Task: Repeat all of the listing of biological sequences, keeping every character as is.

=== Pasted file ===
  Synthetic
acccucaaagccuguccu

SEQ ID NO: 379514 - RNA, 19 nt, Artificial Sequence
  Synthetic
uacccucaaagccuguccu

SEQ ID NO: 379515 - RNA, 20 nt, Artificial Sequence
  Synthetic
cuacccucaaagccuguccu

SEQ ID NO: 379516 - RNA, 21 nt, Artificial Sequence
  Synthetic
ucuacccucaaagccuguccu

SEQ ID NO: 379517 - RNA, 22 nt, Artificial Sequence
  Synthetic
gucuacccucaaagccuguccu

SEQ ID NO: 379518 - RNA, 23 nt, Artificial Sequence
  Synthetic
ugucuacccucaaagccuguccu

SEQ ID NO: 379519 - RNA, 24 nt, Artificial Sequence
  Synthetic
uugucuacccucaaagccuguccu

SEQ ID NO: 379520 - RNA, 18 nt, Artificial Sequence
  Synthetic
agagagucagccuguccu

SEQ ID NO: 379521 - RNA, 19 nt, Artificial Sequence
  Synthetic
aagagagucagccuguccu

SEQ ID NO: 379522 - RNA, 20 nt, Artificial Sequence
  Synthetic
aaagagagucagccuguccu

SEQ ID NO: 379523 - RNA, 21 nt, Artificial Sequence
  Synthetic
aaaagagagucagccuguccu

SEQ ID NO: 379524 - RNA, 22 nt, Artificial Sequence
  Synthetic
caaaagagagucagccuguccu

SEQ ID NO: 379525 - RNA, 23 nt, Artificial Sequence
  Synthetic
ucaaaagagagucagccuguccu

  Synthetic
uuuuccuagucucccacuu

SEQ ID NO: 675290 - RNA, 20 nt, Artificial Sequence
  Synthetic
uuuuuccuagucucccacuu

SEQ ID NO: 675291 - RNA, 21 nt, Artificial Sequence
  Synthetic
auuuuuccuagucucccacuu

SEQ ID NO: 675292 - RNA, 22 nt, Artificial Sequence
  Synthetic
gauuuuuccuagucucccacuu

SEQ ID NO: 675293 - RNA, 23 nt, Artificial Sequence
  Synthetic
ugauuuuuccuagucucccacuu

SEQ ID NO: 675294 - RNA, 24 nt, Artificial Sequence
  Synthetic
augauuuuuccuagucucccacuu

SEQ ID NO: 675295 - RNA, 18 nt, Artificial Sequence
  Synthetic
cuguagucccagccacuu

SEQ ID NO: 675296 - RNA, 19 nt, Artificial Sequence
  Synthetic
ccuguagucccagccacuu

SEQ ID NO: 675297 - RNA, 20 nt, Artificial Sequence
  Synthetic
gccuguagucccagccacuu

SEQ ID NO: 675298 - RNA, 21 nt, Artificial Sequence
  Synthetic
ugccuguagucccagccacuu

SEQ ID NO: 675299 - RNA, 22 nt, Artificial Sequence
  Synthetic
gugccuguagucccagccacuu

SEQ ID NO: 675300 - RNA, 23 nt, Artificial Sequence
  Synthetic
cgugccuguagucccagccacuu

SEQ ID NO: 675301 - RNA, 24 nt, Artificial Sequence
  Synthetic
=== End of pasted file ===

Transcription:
  Synthetic
acccucaaagccuguccu

SEQ ID NO: 379514 - RNA, 19 nt, Artificial Sequence
  Synthetic
uacccucaaagccuguccu

SEQ ID NO: 379515 - RNA, 20 nt, Artificial Sequence
  Synthetic
cuacccucaaagccuguccu

SEQ ID NO: 379516 - RNA, 21 nt, Artificial Sequence
  Synthetic
ucuacccucaaagccuguccu

SEQ ID NO: 379517 - RNA, 22 nt, Artificial Sequence
  Synthetic
gucuacccucaaagccuguccu

SEQ ID NO: 379518 - RNA, 23 nt, Artificial Sequence
  Synthetic
ugucuacccucaaagccuguccu

SEQ ID NO: 379519 - RNA, 24 nt, Artificial Sequence
  Synthetic
uugucuacccucaaagccuguccu

SEQ ID NO: 379520 - RNA, 18 nt, Artificial Sequence
  Synthetic
agagagucagccuguccu

SEQ ID NO: 379521 - RNA, 19 nt, Artificial Sequence
  Synthetic
aagagagucagccuguccu

SEQ ID NO: 379522 - RNA, 20 nt, Artificial Sequence
  Synthetic
aaagagagucagccuguccu

SEQ ID NO: 379523 - RNA, 21 nt, Artificial Sequence
  Synthetic
aaaagagagucagccuguccu

SEQ ID NO: 379524 - RNA, 22 nt, Artificial Sequence
  Synthetic
caaaagagagucagccuguccu

SEQ ID NO: 379525 - RNA, 23 nt, Artificial Sequence
  Synthetic
ucaaaagagagucagccuguccu

  Synthetic
uuuuccuagucucccacuu

SEQ ID NO: 675290 - RNA, 20 nt, Artificial Sequence
  Synthetic
uuuuuccuagucucccacuu

SEQ ID NO: 675291 - RNA, 21 nt, Artificial Sequence
  Synthetic
auuuuuccuagucucccacuu

SEQ ID NO: 675292 - RNA, 22 nt, Artificial Sequence
  Synthetic
gauuuuuccuagucucccacuu

SEQ ID NO: 675293 - RNA, 23 nt, Artificial Sequence
  Synthetic
ugauuuuuccuagucucccacuu

SEQ ID NO: 675294 - RNA, 24 nt, Artificial Sequence
  Synthetic
augauuuuuccuagucucccacuu

SEQ ID NO: 675295 - RNA, 18 nt, Artificial Sequence
  Synthetic
cuguagucccagccacuu

SEQ ID NO: 675296 - RNA, 19 nt, Artificial Sequence
  Synthetic
ccuguagucccagccacuu

SEQ ID NO: 675297 - RNA, 20 nt, Artificial Sequence
  Synthetic
gccuguagucccagccacuu

SEQ ID NO: 675298 - RNA, 21 nt, Artificial Sequence
  Synthetic
ugccuguagucccagccacuu

SEQ ID NO: 675299 - RNA, 22 nt, Artificial Sequence
  Synthetic
gugccuguagucccagccacuu

SEQ ID NO: 675300 - RNA, 23 nt, Artificial Sequence
  Synthetic
cgugccuguagucccagccacuu

SEQ ID NO: 675301 - RNA, 24 nt, Artificial Sequence
  Synthetic